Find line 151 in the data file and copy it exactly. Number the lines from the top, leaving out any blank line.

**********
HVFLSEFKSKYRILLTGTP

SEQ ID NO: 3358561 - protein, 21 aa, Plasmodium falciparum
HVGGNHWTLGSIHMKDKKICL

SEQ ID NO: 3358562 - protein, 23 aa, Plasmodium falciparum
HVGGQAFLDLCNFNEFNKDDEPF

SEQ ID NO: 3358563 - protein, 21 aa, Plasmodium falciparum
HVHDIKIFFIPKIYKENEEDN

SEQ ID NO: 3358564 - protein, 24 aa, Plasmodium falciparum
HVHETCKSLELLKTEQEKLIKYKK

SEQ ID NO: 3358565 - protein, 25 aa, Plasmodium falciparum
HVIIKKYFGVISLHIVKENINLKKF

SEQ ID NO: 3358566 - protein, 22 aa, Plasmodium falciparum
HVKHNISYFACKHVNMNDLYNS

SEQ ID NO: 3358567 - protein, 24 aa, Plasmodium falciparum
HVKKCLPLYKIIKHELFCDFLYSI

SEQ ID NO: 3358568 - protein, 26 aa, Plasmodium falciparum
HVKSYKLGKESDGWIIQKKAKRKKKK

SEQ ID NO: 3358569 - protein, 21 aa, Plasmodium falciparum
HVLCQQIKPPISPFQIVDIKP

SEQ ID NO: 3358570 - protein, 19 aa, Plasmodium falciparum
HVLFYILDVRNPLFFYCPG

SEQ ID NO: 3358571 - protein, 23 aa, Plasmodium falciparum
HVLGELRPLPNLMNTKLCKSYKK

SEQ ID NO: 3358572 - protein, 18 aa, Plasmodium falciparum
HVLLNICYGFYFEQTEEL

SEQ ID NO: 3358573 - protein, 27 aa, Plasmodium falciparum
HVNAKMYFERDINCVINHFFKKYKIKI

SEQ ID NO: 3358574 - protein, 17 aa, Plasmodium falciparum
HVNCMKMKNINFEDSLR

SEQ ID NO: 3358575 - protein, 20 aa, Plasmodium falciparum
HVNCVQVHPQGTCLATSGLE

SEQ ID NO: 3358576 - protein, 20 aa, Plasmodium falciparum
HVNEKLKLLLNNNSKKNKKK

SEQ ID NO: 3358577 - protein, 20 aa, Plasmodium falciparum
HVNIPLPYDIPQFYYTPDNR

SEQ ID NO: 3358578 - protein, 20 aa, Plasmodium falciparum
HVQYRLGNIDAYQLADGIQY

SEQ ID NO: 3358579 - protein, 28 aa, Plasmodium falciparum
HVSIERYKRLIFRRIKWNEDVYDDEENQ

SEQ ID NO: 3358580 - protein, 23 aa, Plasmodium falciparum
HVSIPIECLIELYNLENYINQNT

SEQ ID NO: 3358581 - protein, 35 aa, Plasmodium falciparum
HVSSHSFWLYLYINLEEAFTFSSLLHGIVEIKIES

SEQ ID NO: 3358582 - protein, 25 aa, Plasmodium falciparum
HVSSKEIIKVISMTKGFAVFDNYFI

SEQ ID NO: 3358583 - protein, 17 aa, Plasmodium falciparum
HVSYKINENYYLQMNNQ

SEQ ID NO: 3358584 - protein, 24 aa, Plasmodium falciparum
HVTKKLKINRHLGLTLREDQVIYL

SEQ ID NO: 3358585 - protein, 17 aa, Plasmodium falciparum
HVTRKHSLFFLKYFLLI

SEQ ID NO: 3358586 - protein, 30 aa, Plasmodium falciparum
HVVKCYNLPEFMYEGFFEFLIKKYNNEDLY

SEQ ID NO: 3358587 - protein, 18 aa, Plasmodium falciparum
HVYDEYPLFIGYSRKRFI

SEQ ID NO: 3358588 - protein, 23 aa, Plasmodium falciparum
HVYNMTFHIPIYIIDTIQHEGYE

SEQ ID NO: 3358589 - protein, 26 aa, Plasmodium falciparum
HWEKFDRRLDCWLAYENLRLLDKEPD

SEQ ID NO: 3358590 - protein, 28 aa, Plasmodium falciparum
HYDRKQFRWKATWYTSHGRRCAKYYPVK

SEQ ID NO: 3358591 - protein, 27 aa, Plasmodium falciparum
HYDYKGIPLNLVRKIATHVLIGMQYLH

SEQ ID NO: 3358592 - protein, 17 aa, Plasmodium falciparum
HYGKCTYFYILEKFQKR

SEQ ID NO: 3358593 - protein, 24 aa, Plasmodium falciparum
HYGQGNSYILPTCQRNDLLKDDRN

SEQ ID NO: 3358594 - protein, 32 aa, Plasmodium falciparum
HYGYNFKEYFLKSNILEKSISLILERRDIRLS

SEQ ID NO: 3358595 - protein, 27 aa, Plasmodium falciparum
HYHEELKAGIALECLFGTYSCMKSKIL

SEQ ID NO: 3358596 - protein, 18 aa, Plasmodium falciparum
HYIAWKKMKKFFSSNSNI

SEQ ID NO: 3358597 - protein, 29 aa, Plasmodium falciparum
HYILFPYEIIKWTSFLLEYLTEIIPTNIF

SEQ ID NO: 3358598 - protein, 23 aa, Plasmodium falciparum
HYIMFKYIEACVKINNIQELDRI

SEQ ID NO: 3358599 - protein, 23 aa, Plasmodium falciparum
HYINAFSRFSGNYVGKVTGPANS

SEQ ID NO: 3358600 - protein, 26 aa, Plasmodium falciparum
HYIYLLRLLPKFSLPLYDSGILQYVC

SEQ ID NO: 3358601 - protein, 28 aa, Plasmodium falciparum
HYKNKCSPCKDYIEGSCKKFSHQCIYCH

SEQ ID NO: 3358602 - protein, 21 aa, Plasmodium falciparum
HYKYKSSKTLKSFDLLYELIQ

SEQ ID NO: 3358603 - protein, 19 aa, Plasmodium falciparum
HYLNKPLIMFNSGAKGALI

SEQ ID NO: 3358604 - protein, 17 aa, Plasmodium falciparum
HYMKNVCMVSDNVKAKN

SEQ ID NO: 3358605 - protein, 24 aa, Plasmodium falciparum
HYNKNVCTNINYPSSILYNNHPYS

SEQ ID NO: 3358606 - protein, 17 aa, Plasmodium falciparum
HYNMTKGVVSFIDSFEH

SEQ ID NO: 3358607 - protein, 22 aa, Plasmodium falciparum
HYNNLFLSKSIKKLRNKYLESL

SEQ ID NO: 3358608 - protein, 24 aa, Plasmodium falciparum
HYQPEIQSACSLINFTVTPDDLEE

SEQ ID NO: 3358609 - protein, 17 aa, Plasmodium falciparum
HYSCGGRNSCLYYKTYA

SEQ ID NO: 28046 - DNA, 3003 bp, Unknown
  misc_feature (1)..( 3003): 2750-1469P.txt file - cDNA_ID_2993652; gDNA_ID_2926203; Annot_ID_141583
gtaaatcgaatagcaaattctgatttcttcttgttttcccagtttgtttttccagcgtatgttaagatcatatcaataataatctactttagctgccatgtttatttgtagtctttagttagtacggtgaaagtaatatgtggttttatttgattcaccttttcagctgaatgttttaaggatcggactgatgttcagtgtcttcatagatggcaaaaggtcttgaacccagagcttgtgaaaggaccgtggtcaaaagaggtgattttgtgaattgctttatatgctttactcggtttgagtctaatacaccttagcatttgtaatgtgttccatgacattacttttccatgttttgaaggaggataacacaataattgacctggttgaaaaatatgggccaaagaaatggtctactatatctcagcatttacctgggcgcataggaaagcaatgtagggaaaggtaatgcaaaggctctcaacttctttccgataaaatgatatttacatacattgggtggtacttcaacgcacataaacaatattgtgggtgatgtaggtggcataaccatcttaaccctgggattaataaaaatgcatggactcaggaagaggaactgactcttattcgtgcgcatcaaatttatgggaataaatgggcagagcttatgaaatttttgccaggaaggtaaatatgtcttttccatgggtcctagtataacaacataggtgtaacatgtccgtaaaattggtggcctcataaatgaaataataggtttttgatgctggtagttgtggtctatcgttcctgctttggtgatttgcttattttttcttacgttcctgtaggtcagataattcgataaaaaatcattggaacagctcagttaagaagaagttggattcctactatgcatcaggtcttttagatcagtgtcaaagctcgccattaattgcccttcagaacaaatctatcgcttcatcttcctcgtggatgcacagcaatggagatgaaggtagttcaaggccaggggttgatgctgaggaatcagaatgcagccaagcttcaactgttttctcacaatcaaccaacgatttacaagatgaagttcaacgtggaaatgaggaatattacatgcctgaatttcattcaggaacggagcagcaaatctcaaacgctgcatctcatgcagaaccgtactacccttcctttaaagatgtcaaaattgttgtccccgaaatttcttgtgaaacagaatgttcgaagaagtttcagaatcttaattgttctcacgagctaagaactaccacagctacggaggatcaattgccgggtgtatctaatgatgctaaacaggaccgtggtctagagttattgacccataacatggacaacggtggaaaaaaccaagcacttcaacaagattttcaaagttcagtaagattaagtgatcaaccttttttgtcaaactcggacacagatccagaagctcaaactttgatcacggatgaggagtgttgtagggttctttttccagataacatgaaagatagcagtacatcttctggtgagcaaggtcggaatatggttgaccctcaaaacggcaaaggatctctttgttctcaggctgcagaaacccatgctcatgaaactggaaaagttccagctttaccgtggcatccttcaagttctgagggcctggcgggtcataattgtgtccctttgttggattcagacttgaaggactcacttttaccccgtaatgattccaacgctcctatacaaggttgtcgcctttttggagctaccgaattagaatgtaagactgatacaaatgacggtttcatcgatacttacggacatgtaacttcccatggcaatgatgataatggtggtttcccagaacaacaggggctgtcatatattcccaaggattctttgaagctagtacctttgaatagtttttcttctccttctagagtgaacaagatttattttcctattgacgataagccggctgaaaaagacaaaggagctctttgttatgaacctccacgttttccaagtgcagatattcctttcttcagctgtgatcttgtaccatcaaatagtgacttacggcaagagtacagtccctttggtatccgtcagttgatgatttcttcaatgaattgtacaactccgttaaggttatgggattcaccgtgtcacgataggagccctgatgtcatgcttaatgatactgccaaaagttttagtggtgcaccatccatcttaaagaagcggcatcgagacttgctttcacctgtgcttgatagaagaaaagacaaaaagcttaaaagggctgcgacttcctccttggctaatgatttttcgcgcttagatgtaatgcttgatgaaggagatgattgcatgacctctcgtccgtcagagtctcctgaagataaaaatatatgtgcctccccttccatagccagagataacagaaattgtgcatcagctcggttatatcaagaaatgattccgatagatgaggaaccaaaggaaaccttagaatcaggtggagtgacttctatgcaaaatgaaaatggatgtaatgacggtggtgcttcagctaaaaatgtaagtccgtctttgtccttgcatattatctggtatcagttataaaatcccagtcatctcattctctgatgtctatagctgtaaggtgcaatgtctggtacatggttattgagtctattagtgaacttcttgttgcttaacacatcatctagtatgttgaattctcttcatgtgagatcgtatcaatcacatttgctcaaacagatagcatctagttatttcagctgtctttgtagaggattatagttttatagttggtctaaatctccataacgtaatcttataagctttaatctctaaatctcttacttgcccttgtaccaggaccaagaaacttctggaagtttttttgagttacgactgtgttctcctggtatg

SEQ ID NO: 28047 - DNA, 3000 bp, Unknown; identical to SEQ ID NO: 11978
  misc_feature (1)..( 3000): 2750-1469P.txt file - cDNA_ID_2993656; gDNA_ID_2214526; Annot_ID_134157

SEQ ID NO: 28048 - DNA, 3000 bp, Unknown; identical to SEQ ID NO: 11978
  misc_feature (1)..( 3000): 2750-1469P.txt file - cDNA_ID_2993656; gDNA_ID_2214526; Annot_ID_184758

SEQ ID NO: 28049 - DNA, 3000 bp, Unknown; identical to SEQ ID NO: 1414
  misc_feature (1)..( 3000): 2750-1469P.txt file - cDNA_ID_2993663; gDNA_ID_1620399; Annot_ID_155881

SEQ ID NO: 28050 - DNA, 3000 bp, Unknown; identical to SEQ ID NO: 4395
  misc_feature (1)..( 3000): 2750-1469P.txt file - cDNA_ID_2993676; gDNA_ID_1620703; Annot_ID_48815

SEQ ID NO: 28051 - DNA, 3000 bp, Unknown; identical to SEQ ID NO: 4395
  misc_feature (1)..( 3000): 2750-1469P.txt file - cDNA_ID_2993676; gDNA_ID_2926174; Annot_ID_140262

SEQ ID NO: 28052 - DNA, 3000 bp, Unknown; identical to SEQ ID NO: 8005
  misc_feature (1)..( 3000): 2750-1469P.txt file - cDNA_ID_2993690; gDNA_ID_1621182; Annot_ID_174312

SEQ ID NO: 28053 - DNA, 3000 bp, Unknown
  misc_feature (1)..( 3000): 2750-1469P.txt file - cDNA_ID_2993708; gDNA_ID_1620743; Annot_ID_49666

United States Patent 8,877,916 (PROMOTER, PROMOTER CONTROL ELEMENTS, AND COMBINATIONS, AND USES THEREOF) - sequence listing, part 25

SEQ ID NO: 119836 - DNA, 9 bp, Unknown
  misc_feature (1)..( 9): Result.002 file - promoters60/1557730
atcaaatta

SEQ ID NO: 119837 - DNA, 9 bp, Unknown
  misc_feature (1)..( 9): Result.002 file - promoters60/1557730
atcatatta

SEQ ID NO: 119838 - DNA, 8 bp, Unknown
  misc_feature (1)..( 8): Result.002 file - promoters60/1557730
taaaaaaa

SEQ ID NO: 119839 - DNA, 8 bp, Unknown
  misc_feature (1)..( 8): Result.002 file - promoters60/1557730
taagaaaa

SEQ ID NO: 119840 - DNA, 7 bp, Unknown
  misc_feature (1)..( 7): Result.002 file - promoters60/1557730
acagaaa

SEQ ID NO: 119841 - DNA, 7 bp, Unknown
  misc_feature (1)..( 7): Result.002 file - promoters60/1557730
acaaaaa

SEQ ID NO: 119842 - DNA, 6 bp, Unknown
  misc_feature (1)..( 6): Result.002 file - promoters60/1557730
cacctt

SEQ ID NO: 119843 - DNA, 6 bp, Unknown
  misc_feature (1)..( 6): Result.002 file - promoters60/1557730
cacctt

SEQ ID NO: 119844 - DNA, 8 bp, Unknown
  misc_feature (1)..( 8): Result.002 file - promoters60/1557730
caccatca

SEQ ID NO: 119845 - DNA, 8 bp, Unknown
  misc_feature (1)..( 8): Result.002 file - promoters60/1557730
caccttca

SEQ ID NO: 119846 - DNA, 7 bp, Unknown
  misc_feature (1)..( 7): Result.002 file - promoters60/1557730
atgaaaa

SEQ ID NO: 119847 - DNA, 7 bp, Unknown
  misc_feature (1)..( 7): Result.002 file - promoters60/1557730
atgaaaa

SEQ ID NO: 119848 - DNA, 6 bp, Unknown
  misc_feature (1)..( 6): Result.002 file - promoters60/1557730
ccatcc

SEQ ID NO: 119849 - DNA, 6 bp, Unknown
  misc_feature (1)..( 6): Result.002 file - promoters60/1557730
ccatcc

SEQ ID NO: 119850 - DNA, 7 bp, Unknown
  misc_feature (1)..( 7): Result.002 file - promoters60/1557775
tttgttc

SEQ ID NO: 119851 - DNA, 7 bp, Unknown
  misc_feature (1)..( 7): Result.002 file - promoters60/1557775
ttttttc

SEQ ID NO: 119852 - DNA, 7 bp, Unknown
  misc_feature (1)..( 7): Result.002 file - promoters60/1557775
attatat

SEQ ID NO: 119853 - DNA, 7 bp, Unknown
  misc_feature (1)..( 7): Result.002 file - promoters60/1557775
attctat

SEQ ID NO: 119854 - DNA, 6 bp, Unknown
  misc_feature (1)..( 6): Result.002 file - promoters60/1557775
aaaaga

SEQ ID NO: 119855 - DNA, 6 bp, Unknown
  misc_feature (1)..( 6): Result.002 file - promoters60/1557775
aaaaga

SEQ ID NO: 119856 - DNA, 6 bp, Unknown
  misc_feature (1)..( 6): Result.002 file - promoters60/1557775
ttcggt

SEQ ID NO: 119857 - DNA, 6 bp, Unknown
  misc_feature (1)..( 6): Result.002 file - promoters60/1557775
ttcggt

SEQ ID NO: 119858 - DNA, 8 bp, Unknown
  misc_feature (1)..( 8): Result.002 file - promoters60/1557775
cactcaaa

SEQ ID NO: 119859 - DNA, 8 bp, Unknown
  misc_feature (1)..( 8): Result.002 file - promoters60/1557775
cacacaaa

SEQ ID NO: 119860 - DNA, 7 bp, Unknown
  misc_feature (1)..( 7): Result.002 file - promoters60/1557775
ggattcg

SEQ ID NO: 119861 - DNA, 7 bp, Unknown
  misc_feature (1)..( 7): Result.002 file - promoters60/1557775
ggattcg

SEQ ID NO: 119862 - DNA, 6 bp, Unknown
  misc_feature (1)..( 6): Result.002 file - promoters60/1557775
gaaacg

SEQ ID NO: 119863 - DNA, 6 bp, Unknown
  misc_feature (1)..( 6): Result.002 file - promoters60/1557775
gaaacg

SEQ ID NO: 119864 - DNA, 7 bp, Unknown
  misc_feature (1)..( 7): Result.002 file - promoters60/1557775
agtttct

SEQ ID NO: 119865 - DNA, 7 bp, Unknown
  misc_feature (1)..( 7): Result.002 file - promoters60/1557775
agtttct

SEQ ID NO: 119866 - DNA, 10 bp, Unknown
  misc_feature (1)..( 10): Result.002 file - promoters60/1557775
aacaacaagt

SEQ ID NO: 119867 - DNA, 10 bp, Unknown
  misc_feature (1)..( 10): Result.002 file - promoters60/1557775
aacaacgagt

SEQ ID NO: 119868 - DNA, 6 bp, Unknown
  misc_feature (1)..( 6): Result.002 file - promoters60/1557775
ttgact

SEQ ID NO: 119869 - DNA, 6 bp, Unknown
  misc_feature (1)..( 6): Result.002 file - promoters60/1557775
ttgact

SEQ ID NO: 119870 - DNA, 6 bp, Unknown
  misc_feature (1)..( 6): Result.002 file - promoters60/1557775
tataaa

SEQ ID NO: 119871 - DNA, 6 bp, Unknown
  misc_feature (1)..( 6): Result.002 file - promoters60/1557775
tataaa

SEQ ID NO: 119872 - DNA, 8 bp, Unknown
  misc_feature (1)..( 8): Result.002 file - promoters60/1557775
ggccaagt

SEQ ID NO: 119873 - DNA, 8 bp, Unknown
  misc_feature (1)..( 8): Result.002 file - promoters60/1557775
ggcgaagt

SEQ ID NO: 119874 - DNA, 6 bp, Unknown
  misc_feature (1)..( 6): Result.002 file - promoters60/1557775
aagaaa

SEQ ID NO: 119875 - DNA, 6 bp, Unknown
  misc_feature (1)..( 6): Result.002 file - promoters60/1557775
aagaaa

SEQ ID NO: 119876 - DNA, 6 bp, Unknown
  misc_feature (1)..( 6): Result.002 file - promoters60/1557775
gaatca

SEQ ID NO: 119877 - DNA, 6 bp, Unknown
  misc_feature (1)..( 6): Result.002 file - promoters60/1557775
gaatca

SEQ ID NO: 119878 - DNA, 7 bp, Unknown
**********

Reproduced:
SEQ ID NO: 119847 - DNA, 7 bp, Unknown